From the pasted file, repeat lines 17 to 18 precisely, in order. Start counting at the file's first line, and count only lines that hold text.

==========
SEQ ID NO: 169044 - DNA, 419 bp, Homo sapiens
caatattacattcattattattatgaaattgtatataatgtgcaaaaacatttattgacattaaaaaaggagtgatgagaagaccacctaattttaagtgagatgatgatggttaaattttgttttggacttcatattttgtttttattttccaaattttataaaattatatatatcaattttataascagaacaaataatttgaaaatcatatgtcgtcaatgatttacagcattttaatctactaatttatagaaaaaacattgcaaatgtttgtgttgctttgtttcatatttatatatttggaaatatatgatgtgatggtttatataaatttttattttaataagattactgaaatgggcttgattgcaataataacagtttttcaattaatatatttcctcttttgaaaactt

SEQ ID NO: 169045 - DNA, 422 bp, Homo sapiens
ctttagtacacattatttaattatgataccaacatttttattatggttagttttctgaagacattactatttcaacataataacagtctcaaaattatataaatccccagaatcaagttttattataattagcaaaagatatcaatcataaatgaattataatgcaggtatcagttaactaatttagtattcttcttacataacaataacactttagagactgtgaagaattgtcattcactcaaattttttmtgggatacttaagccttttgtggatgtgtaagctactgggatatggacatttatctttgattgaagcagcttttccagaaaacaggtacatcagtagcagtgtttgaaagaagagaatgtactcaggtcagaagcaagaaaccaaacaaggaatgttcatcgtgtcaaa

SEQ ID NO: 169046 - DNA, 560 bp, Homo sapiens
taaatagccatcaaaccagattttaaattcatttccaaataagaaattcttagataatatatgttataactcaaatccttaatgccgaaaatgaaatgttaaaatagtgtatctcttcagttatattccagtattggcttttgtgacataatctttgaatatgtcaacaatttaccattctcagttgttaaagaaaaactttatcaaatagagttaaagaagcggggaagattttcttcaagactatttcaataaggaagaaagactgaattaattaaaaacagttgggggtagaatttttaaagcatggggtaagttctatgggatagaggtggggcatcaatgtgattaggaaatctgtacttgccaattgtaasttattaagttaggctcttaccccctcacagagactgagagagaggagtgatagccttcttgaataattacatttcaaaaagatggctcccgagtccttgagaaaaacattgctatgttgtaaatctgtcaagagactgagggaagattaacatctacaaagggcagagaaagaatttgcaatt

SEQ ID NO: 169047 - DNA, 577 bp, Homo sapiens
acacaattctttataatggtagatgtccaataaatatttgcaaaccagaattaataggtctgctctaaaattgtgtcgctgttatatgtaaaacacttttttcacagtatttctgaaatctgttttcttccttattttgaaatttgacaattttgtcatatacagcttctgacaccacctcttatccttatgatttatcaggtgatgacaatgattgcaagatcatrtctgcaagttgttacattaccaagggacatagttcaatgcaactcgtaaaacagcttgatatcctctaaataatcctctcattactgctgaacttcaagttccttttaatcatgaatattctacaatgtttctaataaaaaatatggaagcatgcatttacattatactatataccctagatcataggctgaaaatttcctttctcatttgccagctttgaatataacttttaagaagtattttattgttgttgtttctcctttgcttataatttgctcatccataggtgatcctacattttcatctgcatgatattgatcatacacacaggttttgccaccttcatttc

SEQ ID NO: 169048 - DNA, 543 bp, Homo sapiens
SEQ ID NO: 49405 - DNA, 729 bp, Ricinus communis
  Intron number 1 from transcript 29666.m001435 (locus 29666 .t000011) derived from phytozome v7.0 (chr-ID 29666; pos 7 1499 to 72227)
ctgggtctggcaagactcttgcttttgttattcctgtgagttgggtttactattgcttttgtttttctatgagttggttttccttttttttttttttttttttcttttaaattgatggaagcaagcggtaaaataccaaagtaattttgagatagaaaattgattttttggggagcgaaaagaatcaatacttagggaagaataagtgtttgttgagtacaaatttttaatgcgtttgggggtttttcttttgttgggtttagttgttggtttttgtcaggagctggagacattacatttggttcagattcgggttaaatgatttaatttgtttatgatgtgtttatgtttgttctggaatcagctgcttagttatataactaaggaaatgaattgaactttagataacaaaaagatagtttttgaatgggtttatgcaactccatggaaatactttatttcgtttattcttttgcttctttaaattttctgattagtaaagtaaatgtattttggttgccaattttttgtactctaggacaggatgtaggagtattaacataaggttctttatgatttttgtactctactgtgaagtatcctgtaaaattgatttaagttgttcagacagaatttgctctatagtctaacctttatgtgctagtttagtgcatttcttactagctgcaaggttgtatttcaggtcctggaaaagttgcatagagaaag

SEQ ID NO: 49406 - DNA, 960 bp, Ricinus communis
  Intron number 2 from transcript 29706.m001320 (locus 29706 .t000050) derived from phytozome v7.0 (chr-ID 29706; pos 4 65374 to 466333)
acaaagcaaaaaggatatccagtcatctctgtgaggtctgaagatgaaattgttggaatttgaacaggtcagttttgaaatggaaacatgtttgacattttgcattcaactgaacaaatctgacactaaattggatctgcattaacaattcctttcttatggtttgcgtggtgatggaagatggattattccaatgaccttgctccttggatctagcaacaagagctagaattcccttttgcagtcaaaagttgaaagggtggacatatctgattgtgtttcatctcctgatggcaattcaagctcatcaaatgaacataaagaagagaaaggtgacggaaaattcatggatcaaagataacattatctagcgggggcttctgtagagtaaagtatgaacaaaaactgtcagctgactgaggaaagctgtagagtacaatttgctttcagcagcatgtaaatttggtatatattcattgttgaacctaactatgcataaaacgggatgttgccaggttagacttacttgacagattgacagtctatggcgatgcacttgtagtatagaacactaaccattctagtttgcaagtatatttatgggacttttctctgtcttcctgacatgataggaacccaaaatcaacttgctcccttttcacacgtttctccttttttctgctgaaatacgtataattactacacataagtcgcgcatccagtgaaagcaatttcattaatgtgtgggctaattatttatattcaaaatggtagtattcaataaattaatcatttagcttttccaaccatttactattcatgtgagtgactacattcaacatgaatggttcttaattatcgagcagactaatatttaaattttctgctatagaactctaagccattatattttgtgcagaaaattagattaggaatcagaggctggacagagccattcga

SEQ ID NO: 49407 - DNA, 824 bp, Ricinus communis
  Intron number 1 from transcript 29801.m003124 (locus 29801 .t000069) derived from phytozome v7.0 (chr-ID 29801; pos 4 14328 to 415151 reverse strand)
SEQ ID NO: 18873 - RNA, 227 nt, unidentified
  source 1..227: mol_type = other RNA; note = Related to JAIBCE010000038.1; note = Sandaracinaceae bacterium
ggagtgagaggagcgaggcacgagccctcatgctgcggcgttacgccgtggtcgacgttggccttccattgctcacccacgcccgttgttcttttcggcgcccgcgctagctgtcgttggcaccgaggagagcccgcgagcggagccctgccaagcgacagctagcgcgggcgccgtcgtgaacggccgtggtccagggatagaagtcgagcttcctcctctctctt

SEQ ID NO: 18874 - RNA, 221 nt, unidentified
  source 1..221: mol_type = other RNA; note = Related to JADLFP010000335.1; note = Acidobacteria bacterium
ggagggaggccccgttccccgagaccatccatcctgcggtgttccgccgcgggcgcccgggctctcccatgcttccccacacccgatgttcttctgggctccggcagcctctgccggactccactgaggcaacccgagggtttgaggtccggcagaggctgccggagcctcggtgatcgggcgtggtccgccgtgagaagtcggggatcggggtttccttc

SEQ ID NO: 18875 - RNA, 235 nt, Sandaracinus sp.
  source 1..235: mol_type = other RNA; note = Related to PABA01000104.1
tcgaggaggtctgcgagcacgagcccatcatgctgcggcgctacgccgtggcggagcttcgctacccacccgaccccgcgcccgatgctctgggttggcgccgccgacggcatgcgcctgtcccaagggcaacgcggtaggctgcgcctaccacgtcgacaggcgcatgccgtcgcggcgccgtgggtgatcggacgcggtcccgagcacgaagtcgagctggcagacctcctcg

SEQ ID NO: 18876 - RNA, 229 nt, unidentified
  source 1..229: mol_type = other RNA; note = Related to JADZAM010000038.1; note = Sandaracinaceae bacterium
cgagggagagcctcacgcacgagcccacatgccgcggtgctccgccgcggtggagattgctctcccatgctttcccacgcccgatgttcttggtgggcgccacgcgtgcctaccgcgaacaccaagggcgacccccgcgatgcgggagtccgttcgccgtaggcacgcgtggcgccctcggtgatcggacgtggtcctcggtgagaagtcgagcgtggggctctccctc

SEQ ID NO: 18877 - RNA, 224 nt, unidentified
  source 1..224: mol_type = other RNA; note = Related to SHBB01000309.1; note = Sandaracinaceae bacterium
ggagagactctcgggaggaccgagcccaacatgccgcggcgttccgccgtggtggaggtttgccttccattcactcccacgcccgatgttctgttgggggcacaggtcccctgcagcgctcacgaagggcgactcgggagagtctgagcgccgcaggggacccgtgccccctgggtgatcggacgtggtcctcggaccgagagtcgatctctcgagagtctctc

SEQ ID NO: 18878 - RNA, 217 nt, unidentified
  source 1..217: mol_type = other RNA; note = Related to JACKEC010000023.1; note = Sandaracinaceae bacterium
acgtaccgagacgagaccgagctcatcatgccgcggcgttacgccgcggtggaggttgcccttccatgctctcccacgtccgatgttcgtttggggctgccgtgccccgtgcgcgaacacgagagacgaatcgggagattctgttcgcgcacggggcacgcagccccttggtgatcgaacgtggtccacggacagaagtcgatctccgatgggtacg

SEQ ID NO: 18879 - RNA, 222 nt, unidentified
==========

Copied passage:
  Intron number 1 from transcript 29801.m003124 (locus 29801 .t000069) derived from phytozome v7.0 (chr-ID 29801; pos 4 14328 to 415151 reverse strand)
SEQ ID NO: 18873 - RNA, 227 nt, unidentified